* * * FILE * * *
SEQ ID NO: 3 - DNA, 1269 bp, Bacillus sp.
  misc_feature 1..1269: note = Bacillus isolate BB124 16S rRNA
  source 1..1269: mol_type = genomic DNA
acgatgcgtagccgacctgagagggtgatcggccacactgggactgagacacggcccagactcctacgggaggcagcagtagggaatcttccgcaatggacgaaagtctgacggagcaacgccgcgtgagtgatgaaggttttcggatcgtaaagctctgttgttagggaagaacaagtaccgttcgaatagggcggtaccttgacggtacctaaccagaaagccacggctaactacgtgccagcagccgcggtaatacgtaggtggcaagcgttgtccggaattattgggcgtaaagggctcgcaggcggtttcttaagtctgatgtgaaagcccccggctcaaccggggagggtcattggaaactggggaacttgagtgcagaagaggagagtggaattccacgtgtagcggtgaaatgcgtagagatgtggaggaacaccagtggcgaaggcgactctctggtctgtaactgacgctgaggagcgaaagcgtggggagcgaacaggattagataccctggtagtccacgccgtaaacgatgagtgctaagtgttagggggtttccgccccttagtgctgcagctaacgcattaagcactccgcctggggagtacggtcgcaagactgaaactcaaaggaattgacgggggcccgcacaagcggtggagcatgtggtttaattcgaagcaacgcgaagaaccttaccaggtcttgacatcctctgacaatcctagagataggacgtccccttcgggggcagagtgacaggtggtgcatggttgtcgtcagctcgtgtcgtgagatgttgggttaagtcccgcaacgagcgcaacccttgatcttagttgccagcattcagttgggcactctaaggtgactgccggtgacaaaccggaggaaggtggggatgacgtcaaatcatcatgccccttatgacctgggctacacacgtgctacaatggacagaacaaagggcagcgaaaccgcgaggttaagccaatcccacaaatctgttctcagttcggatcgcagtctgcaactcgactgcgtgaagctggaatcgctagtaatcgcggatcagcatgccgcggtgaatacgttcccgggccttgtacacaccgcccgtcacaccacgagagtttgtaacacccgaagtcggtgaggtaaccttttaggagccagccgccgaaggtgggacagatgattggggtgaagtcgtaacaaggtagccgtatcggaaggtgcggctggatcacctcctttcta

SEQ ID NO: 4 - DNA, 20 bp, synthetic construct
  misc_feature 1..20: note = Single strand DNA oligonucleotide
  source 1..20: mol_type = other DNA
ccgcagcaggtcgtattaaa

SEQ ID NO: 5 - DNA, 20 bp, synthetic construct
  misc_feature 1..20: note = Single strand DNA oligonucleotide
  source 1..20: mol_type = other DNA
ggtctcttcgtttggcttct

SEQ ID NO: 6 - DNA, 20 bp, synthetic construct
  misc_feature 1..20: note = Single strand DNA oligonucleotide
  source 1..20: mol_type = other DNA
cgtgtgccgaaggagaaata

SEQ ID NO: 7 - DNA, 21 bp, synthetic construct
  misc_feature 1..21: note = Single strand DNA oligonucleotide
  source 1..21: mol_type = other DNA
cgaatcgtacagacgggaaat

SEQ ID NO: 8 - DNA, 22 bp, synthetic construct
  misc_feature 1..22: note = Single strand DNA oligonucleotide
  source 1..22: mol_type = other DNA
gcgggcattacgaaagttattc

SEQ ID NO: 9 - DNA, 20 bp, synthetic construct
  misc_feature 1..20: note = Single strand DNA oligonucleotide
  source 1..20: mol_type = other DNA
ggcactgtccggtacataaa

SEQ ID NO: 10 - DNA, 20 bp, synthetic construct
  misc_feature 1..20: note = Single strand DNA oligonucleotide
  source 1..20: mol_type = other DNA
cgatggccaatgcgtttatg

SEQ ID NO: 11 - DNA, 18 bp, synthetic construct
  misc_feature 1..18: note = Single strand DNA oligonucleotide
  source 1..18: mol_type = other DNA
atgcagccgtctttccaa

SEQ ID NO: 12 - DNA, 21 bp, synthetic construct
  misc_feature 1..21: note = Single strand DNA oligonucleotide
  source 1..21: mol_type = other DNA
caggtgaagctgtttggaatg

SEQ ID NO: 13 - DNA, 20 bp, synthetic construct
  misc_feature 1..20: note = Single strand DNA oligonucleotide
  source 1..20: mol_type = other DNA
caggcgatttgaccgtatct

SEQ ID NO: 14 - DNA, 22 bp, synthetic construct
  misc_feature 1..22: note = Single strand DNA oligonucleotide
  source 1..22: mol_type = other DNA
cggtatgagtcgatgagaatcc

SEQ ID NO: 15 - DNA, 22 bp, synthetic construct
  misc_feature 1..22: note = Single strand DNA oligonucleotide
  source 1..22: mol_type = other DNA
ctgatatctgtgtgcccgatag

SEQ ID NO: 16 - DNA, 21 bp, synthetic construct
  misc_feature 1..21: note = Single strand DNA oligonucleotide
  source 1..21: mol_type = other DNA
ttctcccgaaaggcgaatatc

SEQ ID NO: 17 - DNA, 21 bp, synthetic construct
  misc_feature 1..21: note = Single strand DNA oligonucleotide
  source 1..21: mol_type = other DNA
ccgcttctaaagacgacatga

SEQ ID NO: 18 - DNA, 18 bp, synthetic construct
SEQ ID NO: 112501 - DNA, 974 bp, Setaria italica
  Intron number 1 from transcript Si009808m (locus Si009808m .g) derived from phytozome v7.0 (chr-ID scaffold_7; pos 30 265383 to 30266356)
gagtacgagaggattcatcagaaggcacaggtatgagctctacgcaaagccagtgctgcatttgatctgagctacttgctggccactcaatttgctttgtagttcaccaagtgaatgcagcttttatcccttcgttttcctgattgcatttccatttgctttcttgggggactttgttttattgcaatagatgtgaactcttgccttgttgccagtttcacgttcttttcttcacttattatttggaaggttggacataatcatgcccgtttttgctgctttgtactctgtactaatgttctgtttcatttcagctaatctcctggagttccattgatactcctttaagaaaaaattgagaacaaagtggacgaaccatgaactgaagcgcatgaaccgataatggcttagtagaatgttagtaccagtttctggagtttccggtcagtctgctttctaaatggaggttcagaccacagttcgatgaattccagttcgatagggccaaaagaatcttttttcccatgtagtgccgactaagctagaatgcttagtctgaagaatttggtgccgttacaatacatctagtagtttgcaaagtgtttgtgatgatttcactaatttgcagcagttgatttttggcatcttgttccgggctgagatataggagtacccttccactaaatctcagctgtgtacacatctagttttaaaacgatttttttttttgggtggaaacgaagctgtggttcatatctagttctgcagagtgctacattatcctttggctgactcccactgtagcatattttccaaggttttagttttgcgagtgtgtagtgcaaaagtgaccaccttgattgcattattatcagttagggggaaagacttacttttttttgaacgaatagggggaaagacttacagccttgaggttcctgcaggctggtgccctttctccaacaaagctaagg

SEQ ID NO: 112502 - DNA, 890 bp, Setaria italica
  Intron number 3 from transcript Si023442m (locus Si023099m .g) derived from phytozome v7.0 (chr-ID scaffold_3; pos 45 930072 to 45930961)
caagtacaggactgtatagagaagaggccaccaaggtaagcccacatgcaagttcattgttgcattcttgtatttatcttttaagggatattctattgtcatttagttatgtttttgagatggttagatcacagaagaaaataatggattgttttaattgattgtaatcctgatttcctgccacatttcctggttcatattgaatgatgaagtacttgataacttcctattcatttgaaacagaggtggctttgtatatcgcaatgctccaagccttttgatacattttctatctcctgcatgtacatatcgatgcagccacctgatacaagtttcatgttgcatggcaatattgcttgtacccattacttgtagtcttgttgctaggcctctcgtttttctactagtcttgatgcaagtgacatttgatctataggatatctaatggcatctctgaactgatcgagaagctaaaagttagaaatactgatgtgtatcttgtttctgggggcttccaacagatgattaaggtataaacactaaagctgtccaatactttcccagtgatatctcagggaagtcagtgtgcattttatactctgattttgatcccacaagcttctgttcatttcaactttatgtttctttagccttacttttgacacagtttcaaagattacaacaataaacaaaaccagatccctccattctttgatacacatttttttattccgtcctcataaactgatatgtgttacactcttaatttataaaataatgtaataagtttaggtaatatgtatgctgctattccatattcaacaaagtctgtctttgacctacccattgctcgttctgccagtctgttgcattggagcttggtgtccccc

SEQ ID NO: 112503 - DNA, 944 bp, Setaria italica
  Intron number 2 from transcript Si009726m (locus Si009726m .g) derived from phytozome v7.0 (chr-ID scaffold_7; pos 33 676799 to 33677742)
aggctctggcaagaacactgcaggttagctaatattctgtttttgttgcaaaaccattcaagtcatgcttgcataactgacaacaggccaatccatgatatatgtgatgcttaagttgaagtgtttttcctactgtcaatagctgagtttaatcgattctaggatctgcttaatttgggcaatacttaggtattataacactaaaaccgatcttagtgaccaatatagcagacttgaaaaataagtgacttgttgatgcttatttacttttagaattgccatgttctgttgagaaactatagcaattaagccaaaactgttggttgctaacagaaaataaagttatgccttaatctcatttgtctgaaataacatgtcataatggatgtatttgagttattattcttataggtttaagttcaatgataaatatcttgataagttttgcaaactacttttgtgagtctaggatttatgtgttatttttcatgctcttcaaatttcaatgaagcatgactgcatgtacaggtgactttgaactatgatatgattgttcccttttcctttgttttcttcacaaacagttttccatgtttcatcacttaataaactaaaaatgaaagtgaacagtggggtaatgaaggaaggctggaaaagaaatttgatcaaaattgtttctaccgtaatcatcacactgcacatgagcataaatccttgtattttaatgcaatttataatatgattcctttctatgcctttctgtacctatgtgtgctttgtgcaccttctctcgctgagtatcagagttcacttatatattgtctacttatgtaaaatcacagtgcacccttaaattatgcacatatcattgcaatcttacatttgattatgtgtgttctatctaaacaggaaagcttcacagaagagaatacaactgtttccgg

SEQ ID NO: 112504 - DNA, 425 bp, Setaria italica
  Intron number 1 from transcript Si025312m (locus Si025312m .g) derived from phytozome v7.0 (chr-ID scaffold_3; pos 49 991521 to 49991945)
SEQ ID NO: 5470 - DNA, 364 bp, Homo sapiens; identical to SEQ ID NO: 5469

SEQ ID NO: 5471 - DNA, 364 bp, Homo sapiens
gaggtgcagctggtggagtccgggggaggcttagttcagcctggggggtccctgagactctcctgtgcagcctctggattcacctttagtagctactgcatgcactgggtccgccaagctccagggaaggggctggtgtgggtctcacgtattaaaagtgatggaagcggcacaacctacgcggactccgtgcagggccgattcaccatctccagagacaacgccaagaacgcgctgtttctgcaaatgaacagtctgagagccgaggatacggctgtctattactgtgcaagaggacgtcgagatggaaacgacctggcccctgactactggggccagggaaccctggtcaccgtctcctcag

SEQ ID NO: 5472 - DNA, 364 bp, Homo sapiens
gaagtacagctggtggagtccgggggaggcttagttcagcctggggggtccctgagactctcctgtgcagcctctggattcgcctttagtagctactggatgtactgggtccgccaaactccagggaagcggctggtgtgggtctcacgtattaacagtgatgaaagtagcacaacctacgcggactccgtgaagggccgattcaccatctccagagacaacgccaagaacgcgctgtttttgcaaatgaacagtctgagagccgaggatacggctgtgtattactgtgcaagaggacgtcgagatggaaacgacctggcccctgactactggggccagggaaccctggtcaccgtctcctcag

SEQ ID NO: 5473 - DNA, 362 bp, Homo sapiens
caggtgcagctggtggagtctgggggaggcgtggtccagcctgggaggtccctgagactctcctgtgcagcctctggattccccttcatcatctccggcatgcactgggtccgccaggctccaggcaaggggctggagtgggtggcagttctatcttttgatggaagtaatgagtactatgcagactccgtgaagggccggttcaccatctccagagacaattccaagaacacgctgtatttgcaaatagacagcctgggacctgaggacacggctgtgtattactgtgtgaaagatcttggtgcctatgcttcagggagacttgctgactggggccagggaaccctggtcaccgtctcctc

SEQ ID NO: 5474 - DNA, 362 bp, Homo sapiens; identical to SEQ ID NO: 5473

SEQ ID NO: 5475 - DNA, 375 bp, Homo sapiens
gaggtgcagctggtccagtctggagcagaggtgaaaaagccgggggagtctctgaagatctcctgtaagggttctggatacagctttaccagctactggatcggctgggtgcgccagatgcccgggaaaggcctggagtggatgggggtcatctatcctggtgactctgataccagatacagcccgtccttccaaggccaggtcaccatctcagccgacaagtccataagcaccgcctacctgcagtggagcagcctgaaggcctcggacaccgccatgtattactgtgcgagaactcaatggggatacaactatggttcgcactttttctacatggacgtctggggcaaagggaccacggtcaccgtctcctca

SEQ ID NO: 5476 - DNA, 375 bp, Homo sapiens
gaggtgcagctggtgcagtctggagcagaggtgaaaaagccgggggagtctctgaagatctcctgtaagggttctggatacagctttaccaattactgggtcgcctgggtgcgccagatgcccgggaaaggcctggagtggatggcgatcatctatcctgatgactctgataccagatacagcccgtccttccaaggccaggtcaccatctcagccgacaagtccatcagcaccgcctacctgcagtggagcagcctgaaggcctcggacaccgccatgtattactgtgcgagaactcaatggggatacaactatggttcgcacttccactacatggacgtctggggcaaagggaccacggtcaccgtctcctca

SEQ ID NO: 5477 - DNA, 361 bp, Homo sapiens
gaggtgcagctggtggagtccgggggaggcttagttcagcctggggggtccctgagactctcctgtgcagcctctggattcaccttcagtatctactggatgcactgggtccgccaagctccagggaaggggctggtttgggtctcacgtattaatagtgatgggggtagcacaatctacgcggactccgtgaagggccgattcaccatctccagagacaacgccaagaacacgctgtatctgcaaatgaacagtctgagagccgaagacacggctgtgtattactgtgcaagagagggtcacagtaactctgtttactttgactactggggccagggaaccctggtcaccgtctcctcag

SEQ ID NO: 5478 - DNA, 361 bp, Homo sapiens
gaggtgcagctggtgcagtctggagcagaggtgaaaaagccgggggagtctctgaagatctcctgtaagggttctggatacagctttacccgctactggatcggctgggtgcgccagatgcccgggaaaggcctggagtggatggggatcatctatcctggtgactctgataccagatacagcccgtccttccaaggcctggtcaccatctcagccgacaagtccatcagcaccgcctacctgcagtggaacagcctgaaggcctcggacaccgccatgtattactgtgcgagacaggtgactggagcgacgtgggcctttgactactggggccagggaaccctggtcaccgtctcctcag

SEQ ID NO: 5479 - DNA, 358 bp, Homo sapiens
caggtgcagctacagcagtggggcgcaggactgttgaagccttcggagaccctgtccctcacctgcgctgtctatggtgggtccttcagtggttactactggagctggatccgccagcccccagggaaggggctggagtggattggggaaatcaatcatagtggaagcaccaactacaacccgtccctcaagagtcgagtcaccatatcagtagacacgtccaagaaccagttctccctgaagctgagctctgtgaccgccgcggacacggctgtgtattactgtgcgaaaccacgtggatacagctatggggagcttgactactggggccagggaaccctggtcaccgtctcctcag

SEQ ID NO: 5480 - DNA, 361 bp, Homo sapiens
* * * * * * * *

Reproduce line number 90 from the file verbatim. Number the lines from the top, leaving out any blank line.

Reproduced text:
caggtgcagctacagcagtggggcgcaggactgttgaagccttcggagaccctgtccctcacctgcgctgtctatggtgggtccttcagtggttactactggagctggatccgccagcccccagggaaggggctggagtggattggggaaatcaatcatagtggaagcaccaactacaacccgtccctcaagagtcgagtcaccatatcagtagacacgtccaagaaccagttctccctgaagctgagctctgtgaccgccgcggacacggctgtgtattactgtgcgaaaccacgtggatacagctatggggagcttgactactggggccagggaaccctggtcaccgtctcctcag